The term mobility has become a popular topic over the past few years, and for good reason. Long before I took my first anatomy course I was under the assumption that if I was “tight” (a.k.a. lacking ROM) in a specific direction that I should stretch the musculature responsible for the deficit. While this is not incorrect, it is often times only part of the equation–especially for people who assume static or restricted positions for long periods of time. An area that is susceptible to ROM deficits is the ankle, and more specifically decreased dorsiflexion (bringing your toes to your shin). Examples of this population include but are not limited to students and office workers who sit at a desk during the day, athletes who wear a restrictive boot during their sport (hockey players, skiers, etc.), and anyone whose profession keeps them in a plantarflexed or neutral position.
While we know that muscle tissue will adaptively lose viscoelastic properties when maintained in a short position; we often forget that inert or non-contractile structures, most notably the joint capsule will do the same. Therefore, if we have assessed that the dorsiflexion (DF) deficit is secondary to tight inert structures and not musculature, joint mobilization can be very helpful.
When deciding to use joint mobilization as an intervention, the principle of arthrokinematics of the ankle must be considered. I wrote extensively on this topic in an earlier post. To review please select the link https://lukedelorenzo.wordpress.com/2011/07/27/arthrokinematics-an-important-biomechanical-concept/.
To summarize, select the joint you wish to mobilize, figure out which articulating surface is concave and which is convex, observe which surface is moving and which is fixed, and finally, facilitate glide of the moving structure OR stabilize the fixed structure. Previously, I have suggested than during a closed chain movement of DF at the Talocrural Joint (TCJ), the tibia should be facilitated to glide anteriorly based on the biomechanical principles of the tibia rolling and gliding in the same direction on a fixed talus. When I suggested this to my friend, he noticed that he was getting a small amount of impingement in his anterior ankle. I started to experiment and came up with a way to stabilize the talus while moving the tibia.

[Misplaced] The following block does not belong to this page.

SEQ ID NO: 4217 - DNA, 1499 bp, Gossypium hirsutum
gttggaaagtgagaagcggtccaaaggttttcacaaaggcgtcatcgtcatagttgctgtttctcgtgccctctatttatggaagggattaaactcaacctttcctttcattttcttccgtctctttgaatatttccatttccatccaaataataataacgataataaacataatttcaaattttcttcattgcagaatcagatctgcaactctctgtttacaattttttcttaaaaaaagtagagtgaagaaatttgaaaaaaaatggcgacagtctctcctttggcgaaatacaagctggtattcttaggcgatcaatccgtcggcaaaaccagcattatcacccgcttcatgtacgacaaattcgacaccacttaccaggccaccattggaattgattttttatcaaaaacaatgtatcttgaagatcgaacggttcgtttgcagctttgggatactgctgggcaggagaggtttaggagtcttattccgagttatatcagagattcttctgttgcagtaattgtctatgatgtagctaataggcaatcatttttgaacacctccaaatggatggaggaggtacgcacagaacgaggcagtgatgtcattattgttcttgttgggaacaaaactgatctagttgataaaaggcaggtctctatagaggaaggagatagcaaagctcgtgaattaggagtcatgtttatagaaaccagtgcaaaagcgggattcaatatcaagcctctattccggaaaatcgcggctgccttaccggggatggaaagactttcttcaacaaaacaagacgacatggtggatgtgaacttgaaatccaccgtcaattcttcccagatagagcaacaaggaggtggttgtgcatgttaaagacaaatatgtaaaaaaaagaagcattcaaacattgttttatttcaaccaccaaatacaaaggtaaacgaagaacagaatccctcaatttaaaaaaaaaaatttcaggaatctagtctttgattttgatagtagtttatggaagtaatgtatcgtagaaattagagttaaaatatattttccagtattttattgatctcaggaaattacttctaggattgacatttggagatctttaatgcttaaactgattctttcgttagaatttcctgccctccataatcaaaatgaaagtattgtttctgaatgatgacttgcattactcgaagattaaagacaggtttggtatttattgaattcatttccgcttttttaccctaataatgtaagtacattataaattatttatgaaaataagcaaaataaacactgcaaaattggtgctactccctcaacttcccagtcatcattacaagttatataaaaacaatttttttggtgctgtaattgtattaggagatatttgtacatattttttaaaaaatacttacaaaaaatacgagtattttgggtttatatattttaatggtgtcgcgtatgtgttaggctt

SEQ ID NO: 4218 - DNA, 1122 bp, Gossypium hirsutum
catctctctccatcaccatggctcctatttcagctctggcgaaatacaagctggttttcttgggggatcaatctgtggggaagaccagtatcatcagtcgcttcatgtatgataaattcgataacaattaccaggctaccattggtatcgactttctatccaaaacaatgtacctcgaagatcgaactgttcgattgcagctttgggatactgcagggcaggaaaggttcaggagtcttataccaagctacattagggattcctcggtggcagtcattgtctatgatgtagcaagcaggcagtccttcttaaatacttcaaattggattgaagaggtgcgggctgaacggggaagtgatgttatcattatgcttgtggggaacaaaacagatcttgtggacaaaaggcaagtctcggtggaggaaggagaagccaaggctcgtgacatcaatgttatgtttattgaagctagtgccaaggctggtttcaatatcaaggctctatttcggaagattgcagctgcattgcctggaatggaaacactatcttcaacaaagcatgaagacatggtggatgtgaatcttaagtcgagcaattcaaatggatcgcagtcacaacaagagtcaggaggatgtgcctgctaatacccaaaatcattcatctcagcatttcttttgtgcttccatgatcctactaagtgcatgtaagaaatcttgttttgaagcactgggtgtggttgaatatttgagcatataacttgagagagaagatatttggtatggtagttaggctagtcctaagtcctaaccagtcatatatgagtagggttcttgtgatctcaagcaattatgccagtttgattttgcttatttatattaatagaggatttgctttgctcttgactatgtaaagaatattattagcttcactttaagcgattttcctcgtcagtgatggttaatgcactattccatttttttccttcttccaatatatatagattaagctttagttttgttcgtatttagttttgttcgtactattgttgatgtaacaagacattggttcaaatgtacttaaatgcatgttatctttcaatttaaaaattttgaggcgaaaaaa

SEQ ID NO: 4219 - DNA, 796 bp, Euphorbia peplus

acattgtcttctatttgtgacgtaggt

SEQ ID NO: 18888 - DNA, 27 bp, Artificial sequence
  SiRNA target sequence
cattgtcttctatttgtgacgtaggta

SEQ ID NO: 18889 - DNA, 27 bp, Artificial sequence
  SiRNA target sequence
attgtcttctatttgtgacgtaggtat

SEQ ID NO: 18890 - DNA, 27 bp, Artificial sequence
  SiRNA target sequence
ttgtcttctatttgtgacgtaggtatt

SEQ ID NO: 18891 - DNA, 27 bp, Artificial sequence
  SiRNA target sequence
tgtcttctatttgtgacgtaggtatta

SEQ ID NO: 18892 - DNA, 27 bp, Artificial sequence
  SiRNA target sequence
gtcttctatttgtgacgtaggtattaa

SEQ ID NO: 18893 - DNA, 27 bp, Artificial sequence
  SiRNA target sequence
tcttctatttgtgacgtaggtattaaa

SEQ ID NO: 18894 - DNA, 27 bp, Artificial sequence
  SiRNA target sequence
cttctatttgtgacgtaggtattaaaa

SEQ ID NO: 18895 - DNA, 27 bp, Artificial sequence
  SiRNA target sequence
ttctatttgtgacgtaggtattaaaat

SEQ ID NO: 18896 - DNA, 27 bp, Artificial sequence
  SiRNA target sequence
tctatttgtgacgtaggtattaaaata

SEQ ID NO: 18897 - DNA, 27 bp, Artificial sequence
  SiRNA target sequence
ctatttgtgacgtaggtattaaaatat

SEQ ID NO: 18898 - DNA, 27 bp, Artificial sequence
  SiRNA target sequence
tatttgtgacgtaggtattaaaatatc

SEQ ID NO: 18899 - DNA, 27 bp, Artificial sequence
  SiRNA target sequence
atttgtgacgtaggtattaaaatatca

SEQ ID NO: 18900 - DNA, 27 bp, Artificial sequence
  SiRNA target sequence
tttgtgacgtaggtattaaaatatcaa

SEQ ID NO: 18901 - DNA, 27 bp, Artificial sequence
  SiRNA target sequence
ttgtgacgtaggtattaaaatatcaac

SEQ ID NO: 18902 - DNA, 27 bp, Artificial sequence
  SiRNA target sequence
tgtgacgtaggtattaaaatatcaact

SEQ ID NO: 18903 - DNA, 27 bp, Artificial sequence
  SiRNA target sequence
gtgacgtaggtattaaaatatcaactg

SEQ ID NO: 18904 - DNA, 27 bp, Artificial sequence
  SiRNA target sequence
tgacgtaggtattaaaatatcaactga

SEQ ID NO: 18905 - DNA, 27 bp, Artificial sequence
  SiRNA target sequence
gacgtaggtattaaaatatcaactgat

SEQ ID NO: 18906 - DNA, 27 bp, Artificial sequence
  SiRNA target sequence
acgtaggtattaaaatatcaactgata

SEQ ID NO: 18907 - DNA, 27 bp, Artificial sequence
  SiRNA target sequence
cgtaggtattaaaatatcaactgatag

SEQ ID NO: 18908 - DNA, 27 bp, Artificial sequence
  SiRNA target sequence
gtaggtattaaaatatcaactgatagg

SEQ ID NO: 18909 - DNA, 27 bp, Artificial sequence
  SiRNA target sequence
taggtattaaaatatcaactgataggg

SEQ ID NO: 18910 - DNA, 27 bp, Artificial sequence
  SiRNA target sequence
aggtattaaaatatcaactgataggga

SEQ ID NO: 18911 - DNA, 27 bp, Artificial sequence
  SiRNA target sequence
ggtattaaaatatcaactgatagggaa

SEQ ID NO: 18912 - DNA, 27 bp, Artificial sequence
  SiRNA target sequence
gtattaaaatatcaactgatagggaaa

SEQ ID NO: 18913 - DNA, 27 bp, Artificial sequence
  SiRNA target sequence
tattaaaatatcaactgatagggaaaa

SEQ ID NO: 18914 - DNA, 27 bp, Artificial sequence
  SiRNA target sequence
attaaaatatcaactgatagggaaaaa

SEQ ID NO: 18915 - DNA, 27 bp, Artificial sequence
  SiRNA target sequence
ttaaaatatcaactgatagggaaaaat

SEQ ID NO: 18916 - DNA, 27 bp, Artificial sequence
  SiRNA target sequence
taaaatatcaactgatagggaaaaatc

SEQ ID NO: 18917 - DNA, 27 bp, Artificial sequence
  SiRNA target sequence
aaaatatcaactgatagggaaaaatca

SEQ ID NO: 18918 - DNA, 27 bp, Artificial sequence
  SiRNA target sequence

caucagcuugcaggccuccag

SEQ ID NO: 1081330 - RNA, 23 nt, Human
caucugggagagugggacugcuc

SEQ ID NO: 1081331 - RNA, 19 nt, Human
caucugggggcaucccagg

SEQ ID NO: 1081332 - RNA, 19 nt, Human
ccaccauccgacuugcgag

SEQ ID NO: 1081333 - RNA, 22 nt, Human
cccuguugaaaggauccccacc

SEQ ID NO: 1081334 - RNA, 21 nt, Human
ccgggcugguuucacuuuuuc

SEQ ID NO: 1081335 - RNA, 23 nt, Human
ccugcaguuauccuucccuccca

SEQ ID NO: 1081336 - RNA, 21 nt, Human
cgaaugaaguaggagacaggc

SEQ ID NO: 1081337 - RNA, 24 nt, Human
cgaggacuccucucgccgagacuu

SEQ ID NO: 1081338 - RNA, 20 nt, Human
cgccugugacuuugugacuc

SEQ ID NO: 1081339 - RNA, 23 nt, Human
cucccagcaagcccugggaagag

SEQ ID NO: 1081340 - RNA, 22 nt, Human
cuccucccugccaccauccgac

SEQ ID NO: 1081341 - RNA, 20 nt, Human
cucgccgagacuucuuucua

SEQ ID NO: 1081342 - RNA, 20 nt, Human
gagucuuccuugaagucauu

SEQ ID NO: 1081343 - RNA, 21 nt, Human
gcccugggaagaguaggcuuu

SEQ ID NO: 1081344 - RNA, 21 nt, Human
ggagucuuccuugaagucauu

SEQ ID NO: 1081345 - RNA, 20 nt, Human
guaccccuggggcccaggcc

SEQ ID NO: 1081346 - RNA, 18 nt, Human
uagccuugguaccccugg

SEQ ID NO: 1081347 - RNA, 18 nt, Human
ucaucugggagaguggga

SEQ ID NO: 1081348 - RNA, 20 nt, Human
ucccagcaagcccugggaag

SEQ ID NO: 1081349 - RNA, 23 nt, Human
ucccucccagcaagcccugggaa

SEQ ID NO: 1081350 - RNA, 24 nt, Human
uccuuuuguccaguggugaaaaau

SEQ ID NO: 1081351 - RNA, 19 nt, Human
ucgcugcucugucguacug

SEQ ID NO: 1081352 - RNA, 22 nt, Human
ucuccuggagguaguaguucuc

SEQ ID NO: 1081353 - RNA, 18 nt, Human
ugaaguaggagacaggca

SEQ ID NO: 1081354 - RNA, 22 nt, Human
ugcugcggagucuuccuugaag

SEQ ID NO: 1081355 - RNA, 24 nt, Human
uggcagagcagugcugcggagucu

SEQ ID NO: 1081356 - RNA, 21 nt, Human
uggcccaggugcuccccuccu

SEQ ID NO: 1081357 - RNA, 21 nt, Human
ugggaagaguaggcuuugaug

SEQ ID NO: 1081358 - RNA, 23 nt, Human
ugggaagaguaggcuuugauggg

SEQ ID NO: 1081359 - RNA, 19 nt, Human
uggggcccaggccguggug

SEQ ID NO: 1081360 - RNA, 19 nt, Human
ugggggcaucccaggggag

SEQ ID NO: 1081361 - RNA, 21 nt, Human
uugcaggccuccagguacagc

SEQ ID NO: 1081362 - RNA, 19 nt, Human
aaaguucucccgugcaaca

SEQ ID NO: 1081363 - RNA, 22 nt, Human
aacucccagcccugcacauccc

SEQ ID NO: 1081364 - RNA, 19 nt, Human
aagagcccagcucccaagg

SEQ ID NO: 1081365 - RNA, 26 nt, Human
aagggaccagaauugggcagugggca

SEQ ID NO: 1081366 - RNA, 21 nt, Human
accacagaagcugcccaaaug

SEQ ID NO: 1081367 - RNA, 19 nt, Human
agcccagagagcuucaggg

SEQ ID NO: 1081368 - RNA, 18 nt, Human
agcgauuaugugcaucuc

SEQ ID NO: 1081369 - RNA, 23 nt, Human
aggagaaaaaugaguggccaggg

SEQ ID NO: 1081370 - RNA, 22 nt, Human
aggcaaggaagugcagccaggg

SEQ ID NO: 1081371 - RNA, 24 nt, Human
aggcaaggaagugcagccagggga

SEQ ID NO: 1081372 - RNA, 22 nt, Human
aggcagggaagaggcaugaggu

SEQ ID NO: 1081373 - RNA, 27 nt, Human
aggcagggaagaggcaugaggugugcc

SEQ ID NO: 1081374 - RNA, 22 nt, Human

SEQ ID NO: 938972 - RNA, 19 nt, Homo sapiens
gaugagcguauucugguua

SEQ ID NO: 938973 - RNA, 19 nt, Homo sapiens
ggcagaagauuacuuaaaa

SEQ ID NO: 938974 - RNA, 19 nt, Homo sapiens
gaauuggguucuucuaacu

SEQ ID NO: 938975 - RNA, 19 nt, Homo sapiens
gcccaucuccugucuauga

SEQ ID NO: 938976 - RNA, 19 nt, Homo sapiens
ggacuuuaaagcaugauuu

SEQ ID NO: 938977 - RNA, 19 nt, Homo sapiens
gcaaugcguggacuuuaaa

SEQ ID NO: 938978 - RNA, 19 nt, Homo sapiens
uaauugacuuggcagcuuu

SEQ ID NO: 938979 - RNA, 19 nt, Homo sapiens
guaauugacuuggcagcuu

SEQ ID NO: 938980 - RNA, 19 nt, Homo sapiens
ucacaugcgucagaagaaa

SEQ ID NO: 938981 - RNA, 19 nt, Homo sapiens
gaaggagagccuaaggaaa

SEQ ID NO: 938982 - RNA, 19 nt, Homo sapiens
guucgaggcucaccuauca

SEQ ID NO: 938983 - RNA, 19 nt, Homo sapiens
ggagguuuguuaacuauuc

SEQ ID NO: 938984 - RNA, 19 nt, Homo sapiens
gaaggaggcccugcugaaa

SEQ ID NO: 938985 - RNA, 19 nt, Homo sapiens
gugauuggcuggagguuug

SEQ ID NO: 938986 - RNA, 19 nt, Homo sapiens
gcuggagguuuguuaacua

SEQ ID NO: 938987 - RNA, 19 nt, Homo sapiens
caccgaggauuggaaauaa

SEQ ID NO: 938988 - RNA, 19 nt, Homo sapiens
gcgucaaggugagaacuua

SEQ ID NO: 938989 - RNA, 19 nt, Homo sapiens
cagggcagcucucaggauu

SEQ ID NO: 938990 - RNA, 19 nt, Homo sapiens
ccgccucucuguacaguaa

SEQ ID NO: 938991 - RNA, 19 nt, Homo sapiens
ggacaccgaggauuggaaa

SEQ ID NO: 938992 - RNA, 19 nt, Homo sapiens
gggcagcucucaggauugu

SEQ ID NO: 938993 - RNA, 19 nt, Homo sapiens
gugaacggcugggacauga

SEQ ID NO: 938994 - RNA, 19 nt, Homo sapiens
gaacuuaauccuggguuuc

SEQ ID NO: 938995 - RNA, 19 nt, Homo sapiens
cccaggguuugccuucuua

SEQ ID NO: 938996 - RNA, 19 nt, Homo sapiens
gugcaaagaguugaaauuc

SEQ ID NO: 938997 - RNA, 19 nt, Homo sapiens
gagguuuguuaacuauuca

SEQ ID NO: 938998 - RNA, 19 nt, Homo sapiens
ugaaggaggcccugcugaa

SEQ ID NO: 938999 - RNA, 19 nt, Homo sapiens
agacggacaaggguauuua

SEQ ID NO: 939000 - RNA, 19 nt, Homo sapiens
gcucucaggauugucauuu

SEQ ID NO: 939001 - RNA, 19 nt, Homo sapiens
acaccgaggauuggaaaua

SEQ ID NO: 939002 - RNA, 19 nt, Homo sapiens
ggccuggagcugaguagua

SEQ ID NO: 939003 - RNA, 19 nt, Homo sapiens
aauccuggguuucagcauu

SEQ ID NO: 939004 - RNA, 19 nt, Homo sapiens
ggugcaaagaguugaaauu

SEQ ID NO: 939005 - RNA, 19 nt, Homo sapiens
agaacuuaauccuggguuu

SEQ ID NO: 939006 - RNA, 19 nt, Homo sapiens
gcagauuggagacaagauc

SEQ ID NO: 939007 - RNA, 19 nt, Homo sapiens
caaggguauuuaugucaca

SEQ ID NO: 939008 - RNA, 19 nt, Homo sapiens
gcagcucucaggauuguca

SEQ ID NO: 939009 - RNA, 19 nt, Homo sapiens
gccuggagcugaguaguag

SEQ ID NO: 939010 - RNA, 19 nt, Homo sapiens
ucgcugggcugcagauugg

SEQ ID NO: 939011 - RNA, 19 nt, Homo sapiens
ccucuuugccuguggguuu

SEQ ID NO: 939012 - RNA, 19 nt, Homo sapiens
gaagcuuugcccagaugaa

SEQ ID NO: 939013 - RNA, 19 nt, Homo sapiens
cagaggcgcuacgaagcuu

Without getting too detailed, if the posterior capsule of the TCJ is tight, the talus will ride forward with the tibia during DF, thereby limiting the ROM and causing the heel to lift off of the ground. In my example, using a strap to stabilize the talus should facilitate DF without giving a sensation of impingement, and subsequently giving a stretch to the gastroc-soleus complex.
In the video below, I show a visual example. I drew a line under my medial malleolus (ankle bone) to emphasize where the strap should be placed. Based on the orientation of the joint, if you place the strap over the ankle bone the talus will not be stabilized. Please see the photo below to get a better idea.
Here is how to perform the technique:
1. Place bench directly in front of a bar with the surface of the bench higher than the bar
2. Place strap in appropriate position under malleoli
3. Anchor strap to bar to minimize anterior talar migration
4. Perform a lunging motion bringing the shin forward over the toes
Please select the link below to view the video and hopefully you find the exercise helpful!